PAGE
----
A Madea Christmas (2013) Written & Directed by Tyler Perry
There are three distinct phases to the Madeaverse that I’ve noticed. From Diary of a Mad Black Woman through Madea’s Big Happy Family, these are mostly stage adaptations featuring predominantly Black casts. Beyond Tyler Perry, there may be one or two “major” Black actors in the production. For instance, Blair Underwood in Madea’s Family Reunion or Angela Bassett in Meet the Browns. Previous to this film was Madea’s Witness Protection, one of the series’s three most financially successful pictures; a budget of $20 million turned into $67 million in box office returns. That film incorporated more white actors (Eugene Levy, Denise Richards, Doris Roberts), which led to the following strange & short era with A Madea Christmas. This was when Perry tried to make movies that would also appeal to white people.
How the Grinch Stole Christmas (1966) Written by Dr. Seuss Directed by Chuck Jones & Ben Washam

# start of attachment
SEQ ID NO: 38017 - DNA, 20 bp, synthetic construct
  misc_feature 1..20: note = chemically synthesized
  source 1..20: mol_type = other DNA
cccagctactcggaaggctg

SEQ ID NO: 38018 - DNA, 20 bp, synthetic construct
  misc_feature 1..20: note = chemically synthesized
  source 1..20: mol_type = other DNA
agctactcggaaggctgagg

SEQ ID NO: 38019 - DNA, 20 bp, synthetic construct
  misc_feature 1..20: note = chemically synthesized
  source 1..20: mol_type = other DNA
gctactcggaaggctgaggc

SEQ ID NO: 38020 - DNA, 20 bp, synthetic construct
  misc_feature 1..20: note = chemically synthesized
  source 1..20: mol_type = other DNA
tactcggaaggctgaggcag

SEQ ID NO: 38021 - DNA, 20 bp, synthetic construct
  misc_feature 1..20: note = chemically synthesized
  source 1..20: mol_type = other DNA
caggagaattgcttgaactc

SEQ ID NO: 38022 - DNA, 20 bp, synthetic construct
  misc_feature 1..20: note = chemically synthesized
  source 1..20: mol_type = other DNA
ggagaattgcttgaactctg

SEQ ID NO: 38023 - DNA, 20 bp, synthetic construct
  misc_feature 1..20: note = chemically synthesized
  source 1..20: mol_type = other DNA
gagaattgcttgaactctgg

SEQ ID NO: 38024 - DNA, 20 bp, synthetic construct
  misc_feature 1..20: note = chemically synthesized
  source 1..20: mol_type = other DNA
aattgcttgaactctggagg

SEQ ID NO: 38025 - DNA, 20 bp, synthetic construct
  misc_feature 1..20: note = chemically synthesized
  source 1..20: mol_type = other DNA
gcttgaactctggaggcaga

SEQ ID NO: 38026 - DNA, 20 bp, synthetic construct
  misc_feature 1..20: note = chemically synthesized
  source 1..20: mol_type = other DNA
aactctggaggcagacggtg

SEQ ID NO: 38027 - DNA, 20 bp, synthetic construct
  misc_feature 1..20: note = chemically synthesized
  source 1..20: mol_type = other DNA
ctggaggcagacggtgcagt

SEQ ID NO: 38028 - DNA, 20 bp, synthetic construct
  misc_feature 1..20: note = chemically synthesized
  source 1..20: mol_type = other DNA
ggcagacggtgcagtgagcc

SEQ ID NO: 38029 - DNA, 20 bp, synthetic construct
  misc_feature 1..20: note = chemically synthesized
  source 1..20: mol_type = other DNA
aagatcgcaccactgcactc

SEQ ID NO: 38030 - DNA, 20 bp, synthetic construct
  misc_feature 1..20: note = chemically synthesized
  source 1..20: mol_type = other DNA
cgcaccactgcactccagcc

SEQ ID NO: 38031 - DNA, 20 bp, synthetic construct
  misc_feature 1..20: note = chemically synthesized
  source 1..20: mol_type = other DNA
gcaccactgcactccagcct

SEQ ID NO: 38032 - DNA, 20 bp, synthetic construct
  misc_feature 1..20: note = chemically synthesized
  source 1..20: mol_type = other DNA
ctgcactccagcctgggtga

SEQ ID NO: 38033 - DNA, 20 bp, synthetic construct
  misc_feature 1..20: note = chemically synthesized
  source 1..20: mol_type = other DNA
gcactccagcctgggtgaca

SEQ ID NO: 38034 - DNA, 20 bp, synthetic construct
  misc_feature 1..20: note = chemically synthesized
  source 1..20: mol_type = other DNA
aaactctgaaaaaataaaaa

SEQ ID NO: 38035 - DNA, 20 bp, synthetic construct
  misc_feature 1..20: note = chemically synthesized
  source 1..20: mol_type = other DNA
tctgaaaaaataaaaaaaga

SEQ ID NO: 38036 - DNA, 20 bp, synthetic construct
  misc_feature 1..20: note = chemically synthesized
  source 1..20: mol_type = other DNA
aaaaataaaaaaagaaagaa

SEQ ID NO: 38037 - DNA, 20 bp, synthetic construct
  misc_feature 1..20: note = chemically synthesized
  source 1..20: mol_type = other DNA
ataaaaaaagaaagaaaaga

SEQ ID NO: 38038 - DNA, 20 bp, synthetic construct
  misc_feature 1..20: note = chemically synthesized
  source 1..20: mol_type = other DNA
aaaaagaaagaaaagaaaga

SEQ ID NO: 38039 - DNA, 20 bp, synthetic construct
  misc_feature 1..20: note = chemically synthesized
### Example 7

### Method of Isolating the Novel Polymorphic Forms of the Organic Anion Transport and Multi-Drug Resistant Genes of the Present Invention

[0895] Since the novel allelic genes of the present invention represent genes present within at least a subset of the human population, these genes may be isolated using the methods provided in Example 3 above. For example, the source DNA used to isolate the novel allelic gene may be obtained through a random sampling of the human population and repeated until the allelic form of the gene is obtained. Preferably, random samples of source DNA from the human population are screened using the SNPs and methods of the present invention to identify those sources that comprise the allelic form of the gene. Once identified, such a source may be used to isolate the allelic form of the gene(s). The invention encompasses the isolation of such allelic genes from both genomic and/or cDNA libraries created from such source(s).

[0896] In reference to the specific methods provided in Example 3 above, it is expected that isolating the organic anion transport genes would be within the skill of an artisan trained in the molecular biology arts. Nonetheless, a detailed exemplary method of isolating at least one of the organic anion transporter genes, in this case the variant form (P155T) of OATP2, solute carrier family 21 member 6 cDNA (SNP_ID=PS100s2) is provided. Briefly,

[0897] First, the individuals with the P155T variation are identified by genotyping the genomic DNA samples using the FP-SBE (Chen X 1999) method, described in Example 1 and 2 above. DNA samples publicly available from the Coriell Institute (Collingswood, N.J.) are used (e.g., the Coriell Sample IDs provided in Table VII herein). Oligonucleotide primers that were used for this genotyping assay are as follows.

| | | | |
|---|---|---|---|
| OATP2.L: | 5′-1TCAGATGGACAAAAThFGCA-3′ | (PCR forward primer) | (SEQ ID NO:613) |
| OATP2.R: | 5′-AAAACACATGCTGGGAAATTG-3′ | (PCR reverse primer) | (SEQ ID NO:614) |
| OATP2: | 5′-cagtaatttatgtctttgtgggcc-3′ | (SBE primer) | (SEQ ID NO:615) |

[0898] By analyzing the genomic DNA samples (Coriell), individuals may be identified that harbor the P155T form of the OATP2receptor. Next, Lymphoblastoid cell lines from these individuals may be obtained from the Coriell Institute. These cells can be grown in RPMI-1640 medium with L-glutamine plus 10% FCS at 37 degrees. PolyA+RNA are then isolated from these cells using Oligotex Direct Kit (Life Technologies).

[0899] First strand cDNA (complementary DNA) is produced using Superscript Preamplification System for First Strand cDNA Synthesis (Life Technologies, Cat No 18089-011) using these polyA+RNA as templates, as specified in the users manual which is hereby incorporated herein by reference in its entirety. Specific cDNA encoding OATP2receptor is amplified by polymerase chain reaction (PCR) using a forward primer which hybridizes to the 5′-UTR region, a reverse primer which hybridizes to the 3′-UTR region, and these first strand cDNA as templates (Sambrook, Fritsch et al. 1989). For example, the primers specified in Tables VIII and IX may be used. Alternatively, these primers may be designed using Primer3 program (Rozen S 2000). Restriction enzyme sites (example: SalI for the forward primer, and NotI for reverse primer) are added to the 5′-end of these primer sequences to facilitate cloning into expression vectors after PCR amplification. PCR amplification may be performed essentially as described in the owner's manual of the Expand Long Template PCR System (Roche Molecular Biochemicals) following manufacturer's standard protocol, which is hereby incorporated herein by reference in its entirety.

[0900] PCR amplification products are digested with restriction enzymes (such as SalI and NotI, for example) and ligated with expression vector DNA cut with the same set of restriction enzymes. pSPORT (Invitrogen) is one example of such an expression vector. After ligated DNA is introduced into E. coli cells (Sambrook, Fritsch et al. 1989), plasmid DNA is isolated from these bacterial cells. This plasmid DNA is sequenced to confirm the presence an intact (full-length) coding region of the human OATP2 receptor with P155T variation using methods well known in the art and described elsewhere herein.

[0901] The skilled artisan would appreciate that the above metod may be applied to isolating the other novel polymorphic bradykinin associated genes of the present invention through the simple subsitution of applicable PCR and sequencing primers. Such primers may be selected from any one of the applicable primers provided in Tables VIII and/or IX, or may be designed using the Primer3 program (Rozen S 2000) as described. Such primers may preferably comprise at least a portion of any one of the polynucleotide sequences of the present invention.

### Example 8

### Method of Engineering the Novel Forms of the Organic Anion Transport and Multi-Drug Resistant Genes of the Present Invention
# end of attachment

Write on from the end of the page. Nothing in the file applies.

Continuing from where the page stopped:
This is my favorite of the classic Christmas animated specials. When I was in the middle of my childhood, in 1988, I think that TNT bought the rights to the Grinch and aired it exclusively on their network. As stated before, I grew up without cable television, and so I’m not sure how I saw this special and remember it so well. I’d like to attribute that to how well animated and written the story is, and so it ingrained itself firmly in my memories. The special came back to broadcast in 2000 on The WB and has floated around networks like ABC and its current home NBC.
Frosty the Snowman (1969) Written by Romeo Muller Directed by Arthur Rankin Jr. & Jules Bass